Aaron Sorkin Won’t Bash Ben Affleck in Molly’s Game

The gambling drama won't name names.

73rd ANNUAL GOLDEN GLOBE AWARDS -- Pictured: Aaron Sorkin, "Steve Jobs", Winner, Best Screenplay - Motion Picture at the 73rd Annual Golden Globe Awards held at the Beverly Hilton Hotel on January 10, 2016 -- (Photo by: Paul Drinkwater/NBC)

Aaron Sorkin at the 73rd Annual Golden Globe Awards Photo by Paul Drinkwater / NBC

Academy Award-winning screenwriter Aaron Sorkin will be taking on the world of hush-hush, high-stakes poker in his upcoming drama Molly’s Game.

The project is based on the memoir written by Molly Bloom, which details her time running poker games at Hollywood’s infamous Viper Room. Allegedly, celebrities such as Ben Affleck, Leonardo DiCaprio, and Tobey Maguire would go head-to-head against other powerful high-rollers, from hedge fund managers to Saudi princes.

While Sorkin plans to take viewers behind the scenes of this secretive gathering, don’t expect him to spill the beans over the likes of Affleck and DiCaprio. The writer recently revealed to the Hollywood Reporter that he won’t name names with Molly’s Game.

“I have gone to great lengths to obscure the identities of those people, because I don’t want the movie to be about gossip,” Sorkin told the Hollywood Reporter. “I wouldn’t want it to [be], under any circumstances, but in this particular case, the reason why she is a movie hero, the reason why she’s worth writing about in the first place, is that by the end of the whole thing—even if it meant saving her life, guaranteeing her own freedom, she wouldn’t have to go to jail for four years, even if it meant the restoration of all the money the government took away from her—she would not name a single [person], she wouldn’t tell a story.”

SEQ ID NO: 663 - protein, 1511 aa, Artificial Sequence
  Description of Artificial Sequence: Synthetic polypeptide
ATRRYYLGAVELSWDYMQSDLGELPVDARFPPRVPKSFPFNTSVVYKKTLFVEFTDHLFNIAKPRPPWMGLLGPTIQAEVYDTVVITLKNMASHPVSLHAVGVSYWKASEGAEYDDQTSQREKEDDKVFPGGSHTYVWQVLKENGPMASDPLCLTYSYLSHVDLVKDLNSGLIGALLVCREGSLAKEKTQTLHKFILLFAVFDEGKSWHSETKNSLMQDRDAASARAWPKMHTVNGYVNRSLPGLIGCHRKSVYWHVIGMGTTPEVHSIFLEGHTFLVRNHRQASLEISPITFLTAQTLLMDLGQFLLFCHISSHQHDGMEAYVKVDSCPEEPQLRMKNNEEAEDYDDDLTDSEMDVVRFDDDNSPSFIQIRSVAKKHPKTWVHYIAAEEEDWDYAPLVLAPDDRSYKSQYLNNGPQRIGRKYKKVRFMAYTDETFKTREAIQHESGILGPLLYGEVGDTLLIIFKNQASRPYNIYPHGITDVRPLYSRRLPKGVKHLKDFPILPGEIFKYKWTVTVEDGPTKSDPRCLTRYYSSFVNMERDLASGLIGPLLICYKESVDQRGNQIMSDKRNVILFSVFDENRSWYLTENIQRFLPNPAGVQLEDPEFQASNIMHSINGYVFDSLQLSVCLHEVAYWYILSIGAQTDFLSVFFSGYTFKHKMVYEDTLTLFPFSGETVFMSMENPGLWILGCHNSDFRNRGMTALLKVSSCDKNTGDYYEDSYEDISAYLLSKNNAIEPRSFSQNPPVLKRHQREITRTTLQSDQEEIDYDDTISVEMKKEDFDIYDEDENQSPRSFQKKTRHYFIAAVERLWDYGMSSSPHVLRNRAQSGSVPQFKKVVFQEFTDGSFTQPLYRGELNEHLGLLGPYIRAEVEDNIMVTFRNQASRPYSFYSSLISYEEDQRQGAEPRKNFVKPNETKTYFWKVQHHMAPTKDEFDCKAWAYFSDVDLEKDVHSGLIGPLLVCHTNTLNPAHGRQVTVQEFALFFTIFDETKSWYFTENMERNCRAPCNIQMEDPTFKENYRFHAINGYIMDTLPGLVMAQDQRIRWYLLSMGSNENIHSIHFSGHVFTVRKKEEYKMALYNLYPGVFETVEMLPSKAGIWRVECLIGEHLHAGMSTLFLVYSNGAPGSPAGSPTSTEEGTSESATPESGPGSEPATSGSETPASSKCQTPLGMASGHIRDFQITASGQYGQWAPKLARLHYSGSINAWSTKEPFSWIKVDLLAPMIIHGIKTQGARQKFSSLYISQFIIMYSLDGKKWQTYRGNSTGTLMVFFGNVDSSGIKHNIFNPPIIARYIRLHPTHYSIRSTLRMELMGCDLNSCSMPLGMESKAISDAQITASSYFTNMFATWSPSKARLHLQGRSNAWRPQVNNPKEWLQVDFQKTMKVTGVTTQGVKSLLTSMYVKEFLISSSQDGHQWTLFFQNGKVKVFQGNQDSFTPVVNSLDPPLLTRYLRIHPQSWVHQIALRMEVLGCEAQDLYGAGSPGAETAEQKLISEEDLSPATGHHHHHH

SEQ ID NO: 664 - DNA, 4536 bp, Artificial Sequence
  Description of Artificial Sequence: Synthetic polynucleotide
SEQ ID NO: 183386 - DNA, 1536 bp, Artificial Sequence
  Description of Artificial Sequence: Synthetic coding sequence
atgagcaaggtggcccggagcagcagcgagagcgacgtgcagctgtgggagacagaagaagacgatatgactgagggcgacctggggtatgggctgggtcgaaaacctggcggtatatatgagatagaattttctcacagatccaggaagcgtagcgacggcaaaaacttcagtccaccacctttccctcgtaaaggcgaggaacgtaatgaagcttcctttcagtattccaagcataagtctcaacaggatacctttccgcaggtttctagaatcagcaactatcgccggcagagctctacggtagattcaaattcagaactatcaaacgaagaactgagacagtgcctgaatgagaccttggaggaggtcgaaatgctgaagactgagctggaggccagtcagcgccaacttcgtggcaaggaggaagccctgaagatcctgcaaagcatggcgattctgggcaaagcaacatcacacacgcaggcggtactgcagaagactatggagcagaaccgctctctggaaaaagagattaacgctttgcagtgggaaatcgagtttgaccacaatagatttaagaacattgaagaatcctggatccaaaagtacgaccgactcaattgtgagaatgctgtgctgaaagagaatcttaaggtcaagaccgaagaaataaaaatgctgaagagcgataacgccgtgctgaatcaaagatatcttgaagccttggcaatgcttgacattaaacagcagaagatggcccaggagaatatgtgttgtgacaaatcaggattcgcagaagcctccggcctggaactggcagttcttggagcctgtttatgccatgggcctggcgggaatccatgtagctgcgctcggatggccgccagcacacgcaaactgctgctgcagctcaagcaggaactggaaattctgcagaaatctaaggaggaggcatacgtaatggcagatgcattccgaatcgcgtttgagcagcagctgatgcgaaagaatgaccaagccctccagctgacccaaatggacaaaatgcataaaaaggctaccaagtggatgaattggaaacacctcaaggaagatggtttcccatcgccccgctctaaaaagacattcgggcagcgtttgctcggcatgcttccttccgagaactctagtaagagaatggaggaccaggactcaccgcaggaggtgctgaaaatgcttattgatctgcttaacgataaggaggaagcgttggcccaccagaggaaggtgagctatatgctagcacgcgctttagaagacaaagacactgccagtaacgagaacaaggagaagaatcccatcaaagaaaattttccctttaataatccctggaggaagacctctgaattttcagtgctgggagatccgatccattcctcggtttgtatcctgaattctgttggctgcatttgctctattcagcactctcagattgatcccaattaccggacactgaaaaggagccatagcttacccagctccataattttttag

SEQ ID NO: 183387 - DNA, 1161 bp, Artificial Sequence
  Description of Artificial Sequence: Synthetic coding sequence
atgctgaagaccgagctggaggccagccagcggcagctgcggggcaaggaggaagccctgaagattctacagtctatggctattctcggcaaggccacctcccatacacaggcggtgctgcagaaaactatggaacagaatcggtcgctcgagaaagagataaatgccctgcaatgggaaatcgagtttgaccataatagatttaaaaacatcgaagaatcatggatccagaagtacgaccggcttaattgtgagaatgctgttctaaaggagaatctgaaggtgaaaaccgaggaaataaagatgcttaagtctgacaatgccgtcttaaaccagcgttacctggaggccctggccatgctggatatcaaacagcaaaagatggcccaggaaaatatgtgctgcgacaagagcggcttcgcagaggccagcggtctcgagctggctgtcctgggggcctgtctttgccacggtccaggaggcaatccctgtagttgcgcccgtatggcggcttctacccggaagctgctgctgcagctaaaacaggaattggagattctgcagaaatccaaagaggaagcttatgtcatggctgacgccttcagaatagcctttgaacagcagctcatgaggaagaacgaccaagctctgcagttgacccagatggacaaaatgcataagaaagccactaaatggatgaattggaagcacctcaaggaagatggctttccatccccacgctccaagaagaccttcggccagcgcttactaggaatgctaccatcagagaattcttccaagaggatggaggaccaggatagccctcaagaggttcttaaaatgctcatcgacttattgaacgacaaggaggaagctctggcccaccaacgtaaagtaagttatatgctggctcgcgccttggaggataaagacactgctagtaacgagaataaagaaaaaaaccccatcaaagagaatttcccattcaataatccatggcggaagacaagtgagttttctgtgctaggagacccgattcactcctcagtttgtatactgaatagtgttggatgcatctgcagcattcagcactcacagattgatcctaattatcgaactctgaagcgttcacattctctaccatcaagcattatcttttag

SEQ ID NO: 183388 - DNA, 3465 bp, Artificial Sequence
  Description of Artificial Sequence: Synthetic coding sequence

He added, “She wrote a book for which she could have gotten a $2 million advance. She got a $35,000 advance instead.”

The acclaimed writer behind Steve Jobs and The Social Network said that he was interested in Bloom’s story because of her fascinating path from Olympic hopeful to backroom, poker purveyor.

“She was this close to going to the Olympics, she was ranked third in North America in women’s moguls,” Sorkin said. “She was going to graduate from Harvard Law School with an Olympic medal. It wasn’t going to hurt that she is extremely attractive as well, with a wonderful personality, and just a freak accident in qualifying for the Olympics, just something you couldn’t believe, kept her out of those Salt Lake City games.”